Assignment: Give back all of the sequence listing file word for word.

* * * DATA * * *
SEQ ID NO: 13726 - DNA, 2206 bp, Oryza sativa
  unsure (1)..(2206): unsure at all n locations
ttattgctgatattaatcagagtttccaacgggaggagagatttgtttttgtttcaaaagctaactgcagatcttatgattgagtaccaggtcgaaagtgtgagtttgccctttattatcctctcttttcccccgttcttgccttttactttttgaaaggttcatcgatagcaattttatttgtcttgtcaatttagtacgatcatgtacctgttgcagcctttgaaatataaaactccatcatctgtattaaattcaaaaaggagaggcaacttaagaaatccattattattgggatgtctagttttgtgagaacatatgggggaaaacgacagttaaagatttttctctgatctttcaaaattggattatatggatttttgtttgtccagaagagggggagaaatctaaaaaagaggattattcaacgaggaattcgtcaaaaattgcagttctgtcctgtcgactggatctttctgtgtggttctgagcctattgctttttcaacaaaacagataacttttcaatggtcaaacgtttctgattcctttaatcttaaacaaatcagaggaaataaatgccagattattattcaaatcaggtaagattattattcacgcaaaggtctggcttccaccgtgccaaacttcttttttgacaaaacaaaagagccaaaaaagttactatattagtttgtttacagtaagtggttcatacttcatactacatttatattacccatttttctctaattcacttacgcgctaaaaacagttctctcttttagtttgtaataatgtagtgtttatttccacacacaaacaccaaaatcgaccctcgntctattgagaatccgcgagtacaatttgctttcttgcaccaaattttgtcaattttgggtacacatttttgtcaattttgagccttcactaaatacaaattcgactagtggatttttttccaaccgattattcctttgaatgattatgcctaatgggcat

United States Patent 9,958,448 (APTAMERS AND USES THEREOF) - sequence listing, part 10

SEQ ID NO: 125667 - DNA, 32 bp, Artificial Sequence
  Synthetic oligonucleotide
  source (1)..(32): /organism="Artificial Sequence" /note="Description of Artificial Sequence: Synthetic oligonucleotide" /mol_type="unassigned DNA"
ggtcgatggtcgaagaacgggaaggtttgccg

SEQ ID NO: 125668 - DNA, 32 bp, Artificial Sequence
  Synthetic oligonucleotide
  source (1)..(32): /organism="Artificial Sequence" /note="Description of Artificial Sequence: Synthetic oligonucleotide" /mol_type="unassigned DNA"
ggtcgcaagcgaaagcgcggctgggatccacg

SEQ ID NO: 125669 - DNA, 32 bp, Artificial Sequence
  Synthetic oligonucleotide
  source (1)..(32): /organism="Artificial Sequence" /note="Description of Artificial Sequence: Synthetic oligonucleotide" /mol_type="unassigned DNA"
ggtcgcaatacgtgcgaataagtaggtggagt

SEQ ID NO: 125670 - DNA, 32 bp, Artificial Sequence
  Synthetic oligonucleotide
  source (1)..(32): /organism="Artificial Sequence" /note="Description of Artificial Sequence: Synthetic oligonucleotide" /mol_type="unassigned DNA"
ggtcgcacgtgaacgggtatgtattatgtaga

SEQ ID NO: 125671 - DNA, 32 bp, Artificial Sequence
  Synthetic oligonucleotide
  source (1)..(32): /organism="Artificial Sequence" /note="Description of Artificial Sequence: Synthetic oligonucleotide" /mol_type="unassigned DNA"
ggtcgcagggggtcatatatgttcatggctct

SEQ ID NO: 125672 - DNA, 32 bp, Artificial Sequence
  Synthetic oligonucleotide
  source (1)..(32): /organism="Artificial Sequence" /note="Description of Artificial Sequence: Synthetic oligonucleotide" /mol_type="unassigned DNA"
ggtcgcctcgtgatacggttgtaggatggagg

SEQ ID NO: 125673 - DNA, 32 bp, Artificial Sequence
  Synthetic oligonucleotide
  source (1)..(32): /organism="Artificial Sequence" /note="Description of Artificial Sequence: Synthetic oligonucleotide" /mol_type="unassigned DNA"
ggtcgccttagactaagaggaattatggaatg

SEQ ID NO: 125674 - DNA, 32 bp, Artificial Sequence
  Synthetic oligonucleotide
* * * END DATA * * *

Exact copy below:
SEQ ID NO: 13726 - DNA, 2206 bp, Oryza sativa
  unsure (1)..(2206): unsure at all n locations
ttattgctgatattaatcagagtttccaacgggaggagagatttgtttttgtttcaaaagctaactgcagatcttatgattgagtaccaggtcgaaagtgtgagtttgccctttattatcctctcttttcccccgttcttgccttttactttttgaaaggttcatcgatagcaattttatttgtcttgtcaatttagtacgatcatgtacctgttgcagcctttgaaatataaaactccatcatctgtattaaattcaaaaaggagaggcaacttaagaaatccattattattgggatgtctagttttgtgagaacatatgggggaaaacgacagttaaagatttttctctgatctttcaaaattggattatatggatttttgtttgtccagaagagggggagaaatctaaaaaagaggattattcaacgaggaattcgtcaaaaattgcagttctgtcctgtcgactggatctttctgtgtggttctgagcctattgctttttcaacaaaacagataacttttcaatggtcaaacgtttctgattcctttaatcttaaacaaatcagaggaaataaatgccagattattattcaaatcaggtaagattattattcacgcaaaggtctggcttccaccgtgccaaacttcttttttgacaaaacaaaagagccaaaaaagttactatattagtttgtttacagtaagtggttcatacttcatactacatttatattacccatttttctctaattcacttacgcgctaaaaacagttctctcttttagtttgtaataatgtagtgtttatttccacacacaaacaccaaaatcgaccctcgntctattgagaatccgcgagtacaatttgctttcttgcaccaaattttgtcaattttgggtacacatttttgtcaattttgagccttcactaaatacaaattcgactagtggatttttttccaaccgattattcctttgaatgattatgcctaatgggcat

United States Patent 9,958,448 (APTAMERS AND USES THEREOF) - sequence listing, part 10

SEQ ID NO: 125667 - DNA, 32 bp, Artificial Sequence
  Synthetic oligonucleotide
  source (1)..(32): /organism="Artificial Sequence" /note="Description of Artificial Sequence: Synthetic oligonucleotide" /mol_type="unassigned DNA"
ggtcgatggtcgaagaacgggaaggtttgccg

SEQ ID NO: 125668 - DNA, 32 bp, Artificial Sequence
  Synthetic oligonucleotide
  source (1)..(32): /organism="Artificial Sequence" /note="Description of Artificial Sequence: Synthetic oligonucleotide" /mol_type="unassigned DNA"
ggtcgcaagcgaaagcgcggctgggatccacg

SEQ ID NO: 125669 - DNA, 32 bp, Artificial Sequence
  Synthetic oligonucleotide
  source (1)..(32): /organism="Artificial Sequence" /note="Description of Artificial Sequence: Synthetic oligonucleotide" /mol_type="unassigned DNA"
ggtcgcaatacgtgcgaataagtaggtggagt

SEQ ID NO: 125670 - DNA, 32 bp, Artificial Sequence
  Synthetic oligonucleotide
  source (1)..(32): /organism="Artificial Sequence" /note="Description of Artificial Sequence: Synthetic oligonucleotide" /mol_type="unassigned DNA"
ggtcgcacgtgaacgggtatgtattatgtaga

SEQ ID NO: 125671 - DNA, 32 bp, Artificial Sequence
  Synthetic oligonucleotide
  source (1)..(32): /organism="Artificial Sequence" /note="Description of Artificial Sequence: Synthetic oligonucleotide" /mol_type="unassigned DNA"
ggtcgcagggggtcatatatgttcatggctct

SEQ ID NO: 125672 - DNA, 32 bp, Artificial Sequence
  Synthetic oligonucleotide
  source (1)..(32): /organism="Artificial Sequence" /note="Description of Artificial Sequence: Synthetic oligonucleotide" /mol_type="unassigned DNA"
ggtcgcctcgtgatacggttgtaggatggagg

SEQ ID NO: 125673 - DNA, 32 bp, Artificial Sequence
  Synthetic oligonucleotide
  source (1)..(32): /organism="Artificial Sequence" /note="Description of Artificial Sequence: Synthetic oligonucleotide" /mol_type="unassigned DNA"
ggtcgccttagactaagaggaattatggaatg

SEQ ID NO: 125674 - DNA, 32 bp, Artificial Sequence
  Synthetic oligonucleotide